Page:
Now to be an incoming student and get the opportunity to represent the community and the campus in the event is an exciting one for Allison and her family.
"It's really cool because I thought I was done with Soap Box Derby," Allison said. "I quit a year, then Tech called and said, 'Hey, we have this car and we need a driver.' I thought about it and said, yeah, I'm going to Tech, I can drive it. It'll be cool. So that got me back into it."
For the Soap Box Derby novices out there, driving one of the gravity-propelled vehicles can be a bit of a nerve-wracking affair.
"It's pretty scary," Allison remarked. "You really can't see anything. Last year, I really couldn't see anything as the car didn't have a helmet rail, so as you came off the ramp, the helmet came into your face. I crashed twice because I couldn't see. We got that fixed this year.
"But you can't see much even if it is fixed. You have about an inch of visibility where you can see the top of your tire and that's about it."
Then as the cars hit nearly 35 miles an hour as they swoop descends down the course's gradient path, the work then becomes how to keep the car going on a straight path – not that it's the easiest thing to control.
"So it has a little steering wheel, it's almost like a triangle, and it just turns from side to side. Last year, the steering in it was backwards, so that didn't really help anything either," Allison said, with a laugh.
She definitely has the knowledge of the sport and has learned what her car can do. So how do you prepare for the competition? Allison has her own approach, but one that has come from her own years of experience in the event.
"I don't prepare," she joked. "I'm really nervous. I'm a nervous wreck. I'm just going down the hill the whole time. Sometimes I just want to close my eyes. I just hold the car still and let it take me where it wants to go. Hopefully, not into the tires. I just hold it straight and hit the brake as soon as I get across the finish line.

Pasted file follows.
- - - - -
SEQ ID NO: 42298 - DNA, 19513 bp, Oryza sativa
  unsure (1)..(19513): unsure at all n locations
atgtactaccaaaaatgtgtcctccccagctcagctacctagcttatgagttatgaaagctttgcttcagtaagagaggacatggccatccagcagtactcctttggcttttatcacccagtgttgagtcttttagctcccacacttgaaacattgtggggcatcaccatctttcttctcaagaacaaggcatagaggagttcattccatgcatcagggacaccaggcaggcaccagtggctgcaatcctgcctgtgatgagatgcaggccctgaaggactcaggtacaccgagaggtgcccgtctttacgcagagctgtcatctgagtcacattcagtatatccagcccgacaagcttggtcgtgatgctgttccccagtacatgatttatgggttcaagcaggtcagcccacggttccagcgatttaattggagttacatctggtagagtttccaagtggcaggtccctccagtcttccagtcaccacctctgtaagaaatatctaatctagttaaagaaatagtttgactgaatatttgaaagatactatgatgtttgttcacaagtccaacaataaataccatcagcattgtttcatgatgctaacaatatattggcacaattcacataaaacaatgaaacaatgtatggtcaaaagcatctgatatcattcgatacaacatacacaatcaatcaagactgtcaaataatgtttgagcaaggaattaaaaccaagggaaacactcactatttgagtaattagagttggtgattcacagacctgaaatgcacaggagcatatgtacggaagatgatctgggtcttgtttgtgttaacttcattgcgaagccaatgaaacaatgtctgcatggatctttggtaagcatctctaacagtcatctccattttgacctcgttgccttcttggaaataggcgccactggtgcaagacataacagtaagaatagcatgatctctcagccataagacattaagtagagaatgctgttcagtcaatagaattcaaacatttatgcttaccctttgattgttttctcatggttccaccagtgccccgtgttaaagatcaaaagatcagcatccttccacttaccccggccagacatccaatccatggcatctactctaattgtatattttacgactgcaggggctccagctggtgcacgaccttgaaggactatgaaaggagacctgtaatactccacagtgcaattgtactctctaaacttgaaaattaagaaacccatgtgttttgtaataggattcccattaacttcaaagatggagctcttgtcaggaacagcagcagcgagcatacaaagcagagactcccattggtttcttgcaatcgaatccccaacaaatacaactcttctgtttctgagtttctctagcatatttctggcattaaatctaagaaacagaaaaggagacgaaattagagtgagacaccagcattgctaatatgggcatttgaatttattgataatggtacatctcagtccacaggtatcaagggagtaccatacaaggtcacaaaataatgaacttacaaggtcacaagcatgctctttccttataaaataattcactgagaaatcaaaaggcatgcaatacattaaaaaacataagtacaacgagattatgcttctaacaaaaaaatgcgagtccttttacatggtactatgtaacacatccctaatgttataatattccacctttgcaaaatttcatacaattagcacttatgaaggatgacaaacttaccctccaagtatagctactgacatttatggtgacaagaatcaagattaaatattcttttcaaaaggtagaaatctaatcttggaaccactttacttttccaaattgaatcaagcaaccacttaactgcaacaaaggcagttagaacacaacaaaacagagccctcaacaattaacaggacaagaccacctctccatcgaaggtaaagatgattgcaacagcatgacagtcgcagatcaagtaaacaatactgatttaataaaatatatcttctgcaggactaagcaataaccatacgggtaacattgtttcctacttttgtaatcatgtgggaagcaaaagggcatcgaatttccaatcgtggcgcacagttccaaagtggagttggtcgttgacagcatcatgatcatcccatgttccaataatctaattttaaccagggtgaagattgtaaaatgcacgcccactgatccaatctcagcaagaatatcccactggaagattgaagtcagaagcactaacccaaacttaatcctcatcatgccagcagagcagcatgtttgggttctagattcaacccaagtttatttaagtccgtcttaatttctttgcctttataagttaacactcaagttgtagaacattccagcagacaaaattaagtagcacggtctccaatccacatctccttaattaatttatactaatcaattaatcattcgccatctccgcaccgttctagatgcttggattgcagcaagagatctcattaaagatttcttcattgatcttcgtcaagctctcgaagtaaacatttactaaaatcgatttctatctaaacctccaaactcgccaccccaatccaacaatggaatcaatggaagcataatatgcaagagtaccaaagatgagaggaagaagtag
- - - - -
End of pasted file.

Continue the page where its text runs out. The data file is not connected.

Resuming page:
"It's scary because you are going pretty fast. You can go between 28 to 32 miles an hour in this car, so it's definitely nerve-wracking."
That doesn't mean Allison and her family hasn't been doing some reconnaissance for this upcoming mission though.
"My dad has been watching a lot of videos from previous years," Allison said. "He's trying to figure out what kind of lines the previous racers have used. He's looked up different weight setups, so we've been out in the garage until about 10 or 11 every night working on it. We had to send the car off yesterday (for pre-race inspection), so we had to be completely finished with it.
"The last couple of days have been some pretty late nights in the garage."
Still, all the hard work and effort pays off when she reflects on the fact that, in just a matter of weeks, she's competing for a national championship.
"That's pretty cool," Allison said. "I think the best anyone from Cookeville has done is fourth. I hope I have a great showing. I know that there's just going to be a lot of people there. Here in Cookeville, there's usually only like six cars competing in the race. There it's going to be like 30 or 40 cars in a heat, so that's going to be completely different for us.
"I'm used to racing three times in a day and being done. In Akron, it won't be like that. It'll be racing all day."
The 82nd FirstEnergy All-American Soap Box Derby races will be streamed online at aasbd.soapboxderby.org.